Spectral absorption behavior of a series of FTC-like dyes of varying shape incorporated into amorphous polycarbonate (APC) is characterized by photothermal deflection spectroscopy. Previous Monte Carlo calculations by Dalton and Robinson predict a strong dependence of the macroscopic nonlinear optical susceptibility on the chromophore waist:length aspect ratio in electric field-poled films. This dependence arises from London interactions between chromophores, which are expected to influence the absorption characteristics of the composite both by changing the local polarity of the medium and through dipole interactions. It is expected that these interactions will play a role in the absorption characteristics of unpoled films as well. Of particular interest are the spectral characteristics of the red edge of the main dye electronic absorption peak, and the fine structure in the near-IR, dominated by overtones of fundamental C-H stretching and bending modes. The spectral structure in these key regions can be influenced by inter- and intramolecular interactions and conformational changes in the dye. The near-IR structure, in turn, will dictate absorption loss in optical devices prepared from these materials at key transmission wavelengths (1.3 and 1.55 um). In this study, a homologous series of spacer lengths, ranging from ethyl to hexyl, attached to an FTC-like NLO chromophore, LMCO-46M, is characterized by a combination of photothermal deflection spectroscopy (PDS) and UV-Vis spectroscopy to examine the effects of the molecular environment on near-IR loss at 1090 nm, 1300 nm and 1550 nm.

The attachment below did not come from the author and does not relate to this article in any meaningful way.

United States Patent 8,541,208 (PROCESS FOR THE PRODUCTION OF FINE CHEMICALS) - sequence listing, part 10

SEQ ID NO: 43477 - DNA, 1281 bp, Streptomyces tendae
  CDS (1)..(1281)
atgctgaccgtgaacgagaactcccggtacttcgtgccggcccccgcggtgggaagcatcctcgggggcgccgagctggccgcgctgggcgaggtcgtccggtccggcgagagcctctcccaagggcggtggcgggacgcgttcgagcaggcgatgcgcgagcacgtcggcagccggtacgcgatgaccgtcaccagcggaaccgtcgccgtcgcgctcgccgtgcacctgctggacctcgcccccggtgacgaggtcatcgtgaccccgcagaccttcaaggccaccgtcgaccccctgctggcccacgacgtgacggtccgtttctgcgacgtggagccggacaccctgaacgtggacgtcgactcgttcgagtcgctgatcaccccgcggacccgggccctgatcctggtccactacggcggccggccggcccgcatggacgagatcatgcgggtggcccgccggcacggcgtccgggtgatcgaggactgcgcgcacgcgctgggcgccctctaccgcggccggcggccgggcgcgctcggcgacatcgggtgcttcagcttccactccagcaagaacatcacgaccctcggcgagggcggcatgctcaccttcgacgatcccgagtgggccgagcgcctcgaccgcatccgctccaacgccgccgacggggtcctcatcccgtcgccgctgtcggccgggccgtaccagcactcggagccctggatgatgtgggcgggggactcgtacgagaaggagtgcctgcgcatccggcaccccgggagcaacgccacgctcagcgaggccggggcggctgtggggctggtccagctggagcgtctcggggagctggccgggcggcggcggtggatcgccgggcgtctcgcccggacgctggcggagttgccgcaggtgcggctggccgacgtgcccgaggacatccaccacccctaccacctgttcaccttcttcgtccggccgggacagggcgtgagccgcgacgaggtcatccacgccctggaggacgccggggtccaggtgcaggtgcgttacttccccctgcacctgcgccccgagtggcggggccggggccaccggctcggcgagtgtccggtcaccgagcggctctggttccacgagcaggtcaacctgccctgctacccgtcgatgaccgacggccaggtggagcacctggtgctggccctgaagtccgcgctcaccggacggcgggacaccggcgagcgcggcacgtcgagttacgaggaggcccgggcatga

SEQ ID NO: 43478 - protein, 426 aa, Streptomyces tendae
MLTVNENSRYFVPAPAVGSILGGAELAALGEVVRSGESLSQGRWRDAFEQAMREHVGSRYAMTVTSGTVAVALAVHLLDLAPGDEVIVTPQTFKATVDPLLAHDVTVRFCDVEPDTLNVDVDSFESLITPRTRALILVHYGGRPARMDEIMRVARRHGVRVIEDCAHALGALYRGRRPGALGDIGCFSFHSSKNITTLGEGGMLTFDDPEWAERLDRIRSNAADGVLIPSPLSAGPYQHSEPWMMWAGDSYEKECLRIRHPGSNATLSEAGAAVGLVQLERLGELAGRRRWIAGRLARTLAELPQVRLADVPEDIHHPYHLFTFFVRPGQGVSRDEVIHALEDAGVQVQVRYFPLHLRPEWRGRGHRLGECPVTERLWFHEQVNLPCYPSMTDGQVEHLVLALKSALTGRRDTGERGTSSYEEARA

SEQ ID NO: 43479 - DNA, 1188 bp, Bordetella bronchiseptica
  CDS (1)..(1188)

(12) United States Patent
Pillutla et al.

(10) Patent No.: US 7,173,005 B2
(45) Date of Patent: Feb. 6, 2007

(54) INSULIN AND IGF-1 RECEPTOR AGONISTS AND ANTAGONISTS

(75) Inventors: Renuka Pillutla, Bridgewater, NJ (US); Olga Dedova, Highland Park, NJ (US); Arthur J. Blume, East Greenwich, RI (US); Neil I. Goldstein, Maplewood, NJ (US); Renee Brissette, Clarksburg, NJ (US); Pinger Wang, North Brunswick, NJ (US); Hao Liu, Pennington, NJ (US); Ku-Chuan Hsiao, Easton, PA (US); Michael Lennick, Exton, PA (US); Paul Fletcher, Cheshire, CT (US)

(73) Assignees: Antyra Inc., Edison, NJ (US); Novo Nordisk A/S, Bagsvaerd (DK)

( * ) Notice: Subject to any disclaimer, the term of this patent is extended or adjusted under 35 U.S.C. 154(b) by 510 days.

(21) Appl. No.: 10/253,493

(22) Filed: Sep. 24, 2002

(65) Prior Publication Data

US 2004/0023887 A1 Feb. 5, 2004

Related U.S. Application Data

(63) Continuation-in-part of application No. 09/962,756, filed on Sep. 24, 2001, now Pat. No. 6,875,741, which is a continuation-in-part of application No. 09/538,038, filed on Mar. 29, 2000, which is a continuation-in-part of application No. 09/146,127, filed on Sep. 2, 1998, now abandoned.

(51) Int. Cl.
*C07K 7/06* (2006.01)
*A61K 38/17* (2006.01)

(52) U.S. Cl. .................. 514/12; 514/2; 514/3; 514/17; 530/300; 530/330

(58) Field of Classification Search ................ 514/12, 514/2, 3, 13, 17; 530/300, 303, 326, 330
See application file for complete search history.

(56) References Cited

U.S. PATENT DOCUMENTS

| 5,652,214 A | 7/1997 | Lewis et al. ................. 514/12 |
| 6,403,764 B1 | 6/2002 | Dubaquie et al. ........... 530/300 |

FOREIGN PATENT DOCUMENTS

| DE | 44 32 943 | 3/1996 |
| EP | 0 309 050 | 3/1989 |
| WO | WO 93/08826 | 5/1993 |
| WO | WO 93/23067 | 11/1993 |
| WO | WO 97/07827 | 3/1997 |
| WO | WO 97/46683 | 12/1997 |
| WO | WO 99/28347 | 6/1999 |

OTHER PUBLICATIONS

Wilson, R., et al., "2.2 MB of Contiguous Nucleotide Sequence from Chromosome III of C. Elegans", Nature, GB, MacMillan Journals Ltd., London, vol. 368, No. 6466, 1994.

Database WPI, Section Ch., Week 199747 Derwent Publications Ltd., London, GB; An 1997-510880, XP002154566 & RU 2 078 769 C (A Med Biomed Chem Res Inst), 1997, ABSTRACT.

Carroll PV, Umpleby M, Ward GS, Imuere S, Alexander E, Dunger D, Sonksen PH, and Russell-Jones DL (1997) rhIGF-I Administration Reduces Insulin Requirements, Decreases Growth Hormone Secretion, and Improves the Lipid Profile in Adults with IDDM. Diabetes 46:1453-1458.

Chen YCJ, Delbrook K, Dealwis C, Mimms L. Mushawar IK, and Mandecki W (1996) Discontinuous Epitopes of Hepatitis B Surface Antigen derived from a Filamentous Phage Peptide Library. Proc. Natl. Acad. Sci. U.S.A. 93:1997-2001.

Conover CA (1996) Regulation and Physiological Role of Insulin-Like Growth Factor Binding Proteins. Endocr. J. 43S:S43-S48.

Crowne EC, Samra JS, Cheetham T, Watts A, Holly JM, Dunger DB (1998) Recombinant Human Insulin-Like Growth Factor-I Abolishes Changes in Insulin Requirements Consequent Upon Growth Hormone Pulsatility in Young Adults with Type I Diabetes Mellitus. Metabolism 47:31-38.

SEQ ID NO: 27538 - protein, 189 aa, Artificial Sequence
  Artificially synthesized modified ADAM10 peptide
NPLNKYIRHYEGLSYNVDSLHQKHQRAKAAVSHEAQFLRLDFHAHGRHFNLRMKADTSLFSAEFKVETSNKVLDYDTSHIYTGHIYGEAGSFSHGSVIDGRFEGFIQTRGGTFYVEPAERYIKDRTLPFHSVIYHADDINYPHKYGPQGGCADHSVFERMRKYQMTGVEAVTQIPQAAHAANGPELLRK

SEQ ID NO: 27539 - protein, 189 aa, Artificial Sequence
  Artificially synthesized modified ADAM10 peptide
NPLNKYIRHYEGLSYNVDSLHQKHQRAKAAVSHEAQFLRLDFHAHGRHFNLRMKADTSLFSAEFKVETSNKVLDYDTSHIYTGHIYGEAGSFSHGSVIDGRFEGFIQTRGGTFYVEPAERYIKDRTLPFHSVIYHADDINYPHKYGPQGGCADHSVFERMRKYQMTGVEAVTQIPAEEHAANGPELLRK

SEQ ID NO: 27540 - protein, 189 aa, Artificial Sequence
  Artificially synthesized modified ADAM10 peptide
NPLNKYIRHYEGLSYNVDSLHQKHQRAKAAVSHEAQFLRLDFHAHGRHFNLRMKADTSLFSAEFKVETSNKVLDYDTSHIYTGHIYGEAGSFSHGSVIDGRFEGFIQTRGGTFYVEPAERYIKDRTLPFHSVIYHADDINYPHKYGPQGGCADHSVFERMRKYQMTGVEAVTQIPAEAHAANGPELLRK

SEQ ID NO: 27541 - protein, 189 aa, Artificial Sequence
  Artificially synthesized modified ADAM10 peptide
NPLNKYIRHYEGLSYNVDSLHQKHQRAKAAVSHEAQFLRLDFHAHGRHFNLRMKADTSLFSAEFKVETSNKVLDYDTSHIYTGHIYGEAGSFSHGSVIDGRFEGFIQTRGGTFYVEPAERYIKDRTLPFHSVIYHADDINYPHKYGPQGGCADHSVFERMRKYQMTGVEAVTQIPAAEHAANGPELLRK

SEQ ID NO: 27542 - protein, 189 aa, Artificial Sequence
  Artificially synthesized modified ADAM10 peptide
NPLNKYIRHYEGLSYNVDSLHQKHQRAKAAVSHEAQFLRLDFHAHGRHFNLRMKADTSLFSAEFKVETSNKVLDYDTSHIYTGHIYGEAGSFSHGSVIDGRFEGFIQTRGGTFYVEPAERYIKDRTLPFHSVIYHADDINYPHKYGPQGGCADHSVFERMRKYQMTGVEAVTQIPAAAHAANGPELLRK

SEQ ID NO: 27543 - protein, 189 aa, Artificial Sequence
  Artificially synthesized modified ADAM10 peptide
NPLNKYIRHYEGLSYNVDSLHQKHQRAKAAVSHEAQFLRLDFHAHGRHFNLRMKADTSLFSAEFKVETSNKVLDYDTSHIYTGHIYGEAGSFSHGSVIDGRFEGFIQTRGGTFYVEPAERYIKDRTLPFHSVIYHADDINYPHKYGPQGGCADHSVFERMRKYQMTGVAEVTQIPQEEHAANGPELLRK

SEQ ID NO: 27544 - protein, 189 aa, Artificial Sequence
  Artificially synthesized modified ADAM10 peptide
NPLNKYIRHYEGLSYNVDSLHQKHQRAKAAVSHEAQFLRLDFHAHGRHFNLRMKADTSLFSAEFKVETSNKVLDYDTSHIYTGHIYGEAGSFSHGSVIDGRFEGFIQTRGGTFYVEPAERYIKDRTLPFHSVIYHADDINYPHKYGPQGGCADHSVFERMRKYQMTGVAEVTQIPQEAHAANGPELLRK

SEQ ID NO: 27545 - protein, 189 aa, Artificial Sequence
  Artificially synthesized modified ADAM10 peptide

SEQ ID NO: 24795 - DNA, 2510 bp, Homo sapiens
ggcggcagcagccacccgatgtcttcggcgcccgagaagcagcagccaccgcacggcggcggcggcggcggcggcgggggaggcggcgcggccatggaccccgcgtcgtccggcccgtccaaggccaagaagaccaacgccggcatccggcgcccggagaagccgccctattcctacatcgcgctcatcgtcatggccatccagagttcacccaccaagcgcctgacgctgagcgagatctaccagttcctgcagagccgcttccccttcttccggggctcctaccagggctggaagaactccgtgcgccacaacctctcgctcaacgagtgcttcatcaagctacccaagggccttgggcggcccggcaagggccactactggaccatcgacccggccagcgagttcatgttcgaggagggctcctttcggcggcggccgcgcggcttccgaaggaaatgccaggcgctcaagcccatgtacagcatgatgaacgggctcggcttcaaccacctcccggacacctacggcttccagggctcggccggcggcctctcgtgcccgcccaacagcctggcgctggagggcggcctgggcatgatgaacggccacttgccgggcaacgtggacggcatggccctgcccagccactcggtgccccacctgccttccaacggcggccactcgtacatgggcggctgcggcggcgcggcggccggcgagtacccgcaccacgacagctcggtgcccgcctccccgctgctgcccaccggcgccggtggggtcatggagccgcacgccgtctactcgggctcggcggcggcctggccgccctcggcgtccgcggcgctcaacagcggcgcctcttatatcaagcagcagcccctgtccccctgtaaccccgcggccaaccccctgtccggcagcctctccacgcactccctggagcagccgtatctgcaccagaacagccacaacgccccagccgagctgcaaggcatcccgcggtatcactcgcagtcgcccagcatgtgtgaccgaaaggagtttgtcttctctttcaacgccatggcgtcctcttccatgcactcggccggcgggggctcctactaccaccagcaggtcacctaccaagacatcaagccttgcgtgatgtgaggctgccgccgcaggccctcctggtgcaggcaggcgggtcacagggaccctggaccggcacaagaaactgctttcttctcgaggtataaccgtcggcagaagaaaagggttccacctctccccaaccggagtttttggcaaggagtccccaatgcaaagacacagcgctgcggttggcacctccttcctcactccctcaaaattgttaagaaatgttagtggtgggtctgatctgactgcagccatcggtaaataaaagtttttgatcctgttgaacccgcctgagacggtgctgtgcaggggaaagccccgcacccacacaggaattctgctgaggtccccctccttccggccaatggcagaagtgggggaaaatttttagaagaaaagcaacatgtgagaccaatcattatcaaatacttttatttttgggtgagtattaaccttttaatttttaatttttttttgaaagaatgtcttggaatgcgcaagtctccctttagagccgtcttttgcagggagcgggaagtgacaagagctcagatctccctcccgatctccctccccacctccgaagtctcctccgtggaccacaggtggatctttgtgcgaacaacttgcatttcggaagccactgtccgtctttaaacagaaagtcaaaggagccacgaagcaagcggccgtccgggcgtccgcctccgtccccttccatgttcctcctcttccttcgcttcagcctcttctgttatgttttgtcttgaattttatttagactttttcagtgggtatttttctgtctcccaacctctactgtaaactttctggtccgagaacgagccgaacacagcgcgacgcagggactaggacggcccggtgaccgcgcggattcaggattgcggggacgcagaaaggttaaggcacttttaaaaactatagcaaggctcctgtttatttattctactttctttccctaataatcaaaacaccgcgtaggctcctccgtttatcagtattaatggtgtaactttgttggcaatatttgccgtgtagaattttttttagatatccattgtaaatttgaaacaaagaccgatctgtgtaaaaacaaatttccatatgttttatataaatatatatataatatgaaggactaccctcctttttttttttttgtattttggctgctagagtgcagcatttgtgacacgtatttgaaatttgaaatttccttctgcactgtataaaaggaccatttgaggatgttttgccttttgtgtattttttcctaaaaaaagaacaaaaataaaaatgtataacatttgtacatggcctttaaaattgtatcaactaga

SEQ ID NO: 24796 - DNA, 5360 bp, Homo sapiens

Spectral absorption behavior of Disperse Red-1 and Disperse Red-19 dyes incorporated into a series of polymers by covalent attachment, representing various chemical structures, is characterized by photothermal deflection spectroscopy. Of particular interest are the spectral characteristics of the red edge of the main dye electronic absorption peak, and the fine structure in the near-IR, dominated by overtones of fundamental C-H and O-H stretching modes. The spectral structure in these key regions can be influenced by inter- and intramolecular interactions, or conformational or configurational changes in the dye. The NIR structure, in turn, will dictate absorption loss in optical devices prepared from these materials at key transmission wavelengths (1.3 and 1.55 um) for waveguide devices. A well characterized dye-polymer system, DR1-PMMA, is compared with two other polymer systems. Differences in spectral absorption behavior is assessed in terms of polymer host structure and bonding environment.